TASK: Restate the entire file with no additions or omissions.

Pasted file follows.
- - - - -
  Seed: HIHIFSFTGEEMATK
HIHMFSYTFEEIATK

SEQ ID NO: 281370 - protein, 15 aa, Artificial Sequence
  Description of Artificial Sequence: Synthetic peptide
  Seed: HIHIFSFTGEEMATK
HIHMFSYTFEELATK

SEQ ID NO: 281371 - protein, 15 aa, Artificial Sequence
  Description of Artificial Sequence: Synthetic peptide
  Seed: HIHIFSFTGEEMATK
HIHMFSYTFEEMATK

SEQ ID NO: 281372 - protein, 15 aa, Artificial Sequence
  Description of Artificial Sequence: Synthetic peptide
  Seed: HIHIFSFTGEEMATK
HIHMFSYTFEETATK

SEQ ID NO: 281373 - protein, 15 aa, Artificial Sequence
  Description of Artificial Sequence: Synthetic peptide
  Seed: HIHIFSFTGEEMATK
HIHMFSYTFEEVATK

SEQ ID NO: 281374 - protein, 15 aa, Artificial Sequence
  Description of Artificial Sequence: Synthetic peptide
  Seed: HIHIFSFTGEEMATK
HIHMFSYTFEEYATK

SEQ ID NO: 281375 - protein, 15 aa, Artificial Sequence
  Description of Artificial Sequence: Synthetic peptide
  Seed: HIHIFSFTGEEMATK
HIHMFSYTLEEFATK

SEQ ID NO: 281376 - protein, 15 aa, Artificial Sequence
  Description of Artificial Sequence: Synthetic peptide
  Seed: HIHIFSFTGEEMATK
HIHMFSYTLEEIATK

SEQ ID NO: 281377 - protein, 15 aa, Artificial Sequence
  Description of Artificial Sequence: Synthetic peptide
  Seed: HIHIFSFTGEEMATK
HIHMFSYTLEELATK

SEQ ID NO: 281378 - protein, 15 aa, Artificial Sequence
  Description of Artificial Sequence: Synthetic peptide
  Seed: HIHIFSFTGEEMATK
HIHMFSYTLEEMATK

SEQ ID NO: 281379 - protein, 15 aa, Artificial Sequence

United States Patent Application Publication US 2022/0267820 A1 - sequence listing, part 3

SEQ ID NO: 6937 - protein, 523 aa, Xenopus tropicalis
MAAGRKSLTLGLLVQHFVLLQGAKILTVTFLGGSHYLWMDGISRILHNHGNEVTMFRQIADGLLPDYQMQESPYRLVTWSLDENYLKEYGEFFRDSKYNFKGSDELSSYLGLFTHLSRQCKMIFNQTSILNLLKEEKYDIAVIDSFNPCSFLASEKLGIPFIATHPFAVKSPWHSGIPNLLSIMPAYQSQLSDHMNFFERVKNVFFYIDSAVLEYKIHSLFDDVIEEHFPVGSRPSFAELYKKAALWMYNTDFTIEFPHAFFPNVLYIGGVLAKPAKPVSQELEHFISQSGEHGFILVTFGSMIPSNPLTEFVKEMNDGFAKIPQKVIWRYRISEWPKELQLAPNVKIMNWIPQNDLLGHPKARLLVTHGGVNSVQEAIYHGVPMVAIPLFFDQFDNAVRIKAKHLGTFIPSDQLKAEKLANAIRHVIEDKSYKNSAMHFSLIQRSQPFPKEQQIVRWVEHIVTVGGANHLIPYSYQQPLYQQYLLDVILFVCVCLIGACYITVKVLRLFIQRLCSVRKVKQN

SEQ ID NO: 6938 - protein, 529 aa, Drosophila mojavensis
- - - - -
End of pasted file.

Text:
  Seed: HIHIFSFTGEEMATK
HIHMFSYTFEEIATK

SEQ ID NO: 281370 - protein, 15 aa, Artificial Sequence
  Description of Artificial Sequence: Synthetic peptide
  Seed: HIHIFSFTGEEMATK
HIHMFSYTFEELATK

SEQ ID NO: 281371 - protein, 15 aa, Artificial Sequence
  Description of Artificial Sequence: Synthetic peptide
  Seed: HIHIFSFTGEEMATK
HIHMFSYTFEEMATK

SEQ ID NO: 281372 - protein, 15 aa, Artificial Sequence
  Description of Artificial Sequence: Synthetic peptide
  Seed: HIHIFSFTGEEMATK
HIHMFSYTFEETATK

SEQ ID NO: 281373 - protein, 15 aa, Artificial Sequence
  Description of Artificial Sequence: Synthetic peptide
  Seed: HIHIFSFTGEEMATK
HIHMFSYTFEEVATK

SEQ ID NO: 281374 - protein, 15 aa, Artificial Sequence
  Description of Artificial Sequence: Synthetic peptide
  Seed: HIHIFSFTGEEMATK
HIHMFSYTFEEYATK

SEQ ID NO: 281375 - protein, 15 aa, Artificial Sequence
  Description of Artificial Sequence: Synthetic peptide
  Seed: HIHIFSFTGEEMATK
HIHMFSYTLEEFATK

SEQ ID NO: 281376 - protein, 15 aa, Artificial Sequence
  Description of Artificial Sequence: Synthetic peptide
  Seed: HIHIFSFTGEEMATK
HIHMFSYTLEEIATK

SEQ ID NO: 281377 - protein, 15 aa, Artificial Sequence
  Description of Artificial Sequence: Synthetic peptide
  Seed: HIHIFSFTGEEMATK
HIHMFSYTLEELATK

SEQ ID NO: 281378 - protein, 15 aa, Artificial Sequence
  Description of Artificial Sequence: Synthetic peptide
  Seed: HIHIFSFTGEEMATK
HIHMFSYTLEEMATK

SEQ ID NO: 281379 - protein, 15 aa, Artificial Sequence

United States Patent Application Publication US 2022/0267820 A1 - sequence listing, part 3

SEQ ID NO: 6937 - protein, 523 aa, Xenopus tropicalis
MAAGRKSLTLGLLVQHFVLLQGAKILTVTFLGGSHYLWMDGISRILHNHGNEVTMFRQIADGLLPDYQMQESPYRLVTWSLDENYLKEYGEFFRDSKYNFKGSDELSSYLGLFTHLSRQCKMIFNQTSILNLLKEEKYDIAVIDSFNPCSFLASEKLGIPFIATHPFAVKSPWHSGIPNLLSIMPAYQSQLSDHMNFFERVKNVFFYIDSAVLEYKIHSLFDDVIEEHFPVGSRPSFAELYKKAALWMYNTDFTIEFPHAFFPNVLYIGGVLAKPAKPVSQELEHFISQSGEHGFILVTFGSMIPSNPLTEFVKEMNDGFAKIPQKVIWRYRISEWPKELQLAPNVKIMNWIPQNDLLGHPKARLLVTHGGVNSVQEAIYHGVPMVAIPLFFDQFDNAVRIKAKHLGTFIPSDQLKAEKLANAIRHVIEDKSYKNSAMHFSLIQRSQPFPKEQQIVRWVEHIVTVGGANHLIPYSYQQPLYQQYLLDVILFVCVCLIGACYITVKVLRLFIQRLCSVRKVKQN

SEQ ID NO: 6938 - protein, 529 aa, Drosophila mojavensis